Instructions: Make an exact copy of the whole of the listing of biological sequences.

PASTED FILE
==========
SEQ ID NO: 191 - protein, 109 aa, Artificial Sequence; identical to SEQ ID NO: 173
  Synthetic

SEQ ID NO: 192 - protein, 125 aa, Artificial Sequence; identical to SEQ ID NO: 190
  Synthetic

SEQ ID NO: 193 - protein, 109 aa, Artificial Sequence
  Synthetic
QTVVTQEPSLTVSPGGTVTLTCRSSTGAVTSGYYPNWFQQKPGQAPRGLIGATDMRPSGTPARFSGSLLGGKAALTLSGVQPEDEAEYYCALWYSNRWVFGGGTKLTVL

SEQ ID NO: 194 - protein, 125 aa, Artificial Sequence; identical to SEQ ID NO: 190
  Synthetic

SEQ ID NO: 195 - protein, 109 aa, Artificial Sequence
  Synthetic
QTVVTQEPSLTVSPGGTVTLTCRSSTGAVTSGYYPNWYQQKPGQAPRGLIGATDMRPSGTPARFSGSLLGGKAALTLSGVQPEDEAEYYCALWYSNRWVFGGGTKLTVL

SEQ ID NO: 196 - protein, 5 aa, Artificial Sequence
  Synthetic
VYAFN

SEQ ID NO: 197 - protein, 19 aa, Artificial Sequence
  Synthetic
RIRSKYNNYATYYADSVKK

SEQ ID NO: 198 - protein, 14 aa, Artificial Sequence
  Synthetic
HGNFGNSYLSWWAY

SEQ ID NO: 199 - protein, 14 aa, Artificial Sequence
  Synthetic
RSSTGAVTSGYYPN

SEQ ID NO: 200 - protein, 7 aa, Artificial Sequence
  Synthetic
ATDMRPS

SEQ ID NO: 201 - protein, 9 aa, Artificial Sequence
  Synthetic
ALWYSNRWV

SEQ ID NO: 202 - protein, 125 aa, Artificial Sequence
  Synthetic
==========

SEQ ID NO: 191 - protein, 109 aa, Artificial Sequence; identical to SEQ ID NO: 173
  Synthetic

SEQ ID NO: 192 - protein, 125 aa, Artificial Sequence; identical to SEQ ID NO: 190
  Synthetic

SEQ ID NO: 193 - protein, 109 aa, Artificial Sequence
  Synthetic
QTVVTQEPSLTVSPGGTVTLTCRSSTGAVTSGYYPNWFQQKPGQAPRGLIGATDMRPSGTPARFSGSLLGGKAALTLSGVQPEDEAEYYCALWYSNRWVFGGGTKLTVL

SEQ ID NO: 194 - protein, 125 aa, Artificial Sequence; identical to SEQ ID NO: 190
  Synthetic

SEQ ID NO: 195 - protein, 109 aa, Artificial Sequence
  Synthetic
QTVVTQEPSLTVSPGGTVTLTCRSSTGAVTSGYYPNWYQQKPGQAPRGLIGATDMRPSGTPARFSGSLLGGKAALTLSGVQPEDEAEYYCALWYSNRWVFGGGTKLTVL

SEQ ID NO: 196 - protein, 5 aa, Artificial Sequence
  Synthetic
VYAFN

SEQ ID NO: 197 - protein, 19 aa, Artificial Sequence
  Synthetic
RIRSKYNNYATYYADSVKK

SEQ ID NO: 198 - protein, 14 aa, Artificial Sequence
  Synthetic
HGNFGNSYLSWWAY

SEQ ID NO: 199 - protein, 14 aa, Artificial Sequence
  Synthetic
RSSTGAVTSGYYPN

SEQ ID NO: 200 - protein, 7 aa, Artificial Sequence
  Synthetic
ATDMRPS

SEQ ID NO: 201 - protein, 9 aa, Artificial Sequence
  Synthetic
ALWYSNRWV

SEQ ID NO: 202 - protein, 125 aa, Artificial Sequence
  Synthetic